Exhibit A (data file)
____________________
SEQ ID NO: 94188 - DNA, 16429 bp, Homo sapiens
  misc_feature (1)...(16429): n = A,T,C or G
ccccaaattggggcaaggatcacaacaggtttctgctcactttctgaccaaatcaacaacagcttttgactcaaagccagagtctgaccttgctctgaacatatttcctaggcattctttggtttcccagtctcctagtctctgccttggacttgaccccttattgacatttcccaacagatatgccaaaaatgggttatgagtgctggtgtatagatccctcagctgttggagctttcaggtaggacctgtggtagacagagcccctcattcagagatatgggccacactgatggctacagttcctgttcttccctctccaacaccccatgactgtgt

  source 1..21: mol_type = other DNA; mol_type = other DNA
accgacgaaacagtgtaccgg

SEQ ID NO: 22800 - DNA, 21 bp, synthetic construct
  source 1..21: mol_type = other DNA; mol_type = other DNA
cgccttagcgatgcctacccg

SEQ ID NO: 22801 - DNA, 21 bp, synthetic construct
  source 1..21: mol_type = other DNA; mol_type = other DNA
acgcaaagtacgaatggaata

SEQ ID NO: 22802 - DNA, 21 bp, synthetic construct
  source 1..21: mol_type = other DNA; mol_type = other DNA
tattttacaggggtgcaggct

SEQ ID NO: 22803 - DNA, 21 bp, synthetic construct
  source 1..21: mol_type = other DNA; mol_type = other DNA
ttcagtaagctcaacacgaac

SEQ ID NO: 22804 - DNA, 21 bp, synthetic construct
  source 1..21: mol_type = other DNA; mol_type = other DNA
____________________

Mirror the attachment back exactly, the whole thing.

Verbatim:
SEQ ID NO: 94188 - DNA, 16429 bp, Homo sapiens
  misc_feature (1)...(16429): n = A,T,C or G
ccccaaattggggcaaggatcacaacaggtttctgctcactttctgaccaaatcaacaacagcttttgactcaaagccagagtctgaccttgctctgaacatatttcctaggcattctttggtttcccagtctcctagtctctgccttggacttgaccccttattgacatttcccaacagatatgccaaaaatgggttatgagtgctggtgtatagatccctcagctgttggagctttcaggtaggacctgtggtagacagagcccctcattcagagatatgggccacactgatggctacagttcctgttcttccctctccaacaccccatgactgtgt

  source 1..21: mol_type = other DNA; mol_type = other DNA
accgacgaaacagtgtaccgg

SEQ ID NO: 22800 - DNA, 21 bp, synthetic construct
  source 1..21: mol_type = other DNA; mol_type = other DNA
cgccttagcgatgcctacccg

SEQ ID NO: 22801 - DNA, 21 bp, synthetic construct
  source 1..21: mol_type = other DNA; mol_type = other DNA
acgcaaagtacgaatggaata

SEQ ID NO: 22802 - DNA, 21 bp, synthetic construct
  source 1..21: mol_type = other DNA; mol_type = other DNA
tattttacaggggtgcaggct

SEQ ID NO: 22803 - DNA, 21 bp, synthetic construct
  source 1..21: mol_type = other DNA; mol_type = other DNA
ttcagtaagctcaacacgaac

SEQ ID NO: 22804 - DNA, 21 bp, synthetic construct
  source 1..21: mol_type = other DNA; mol_type = other DNA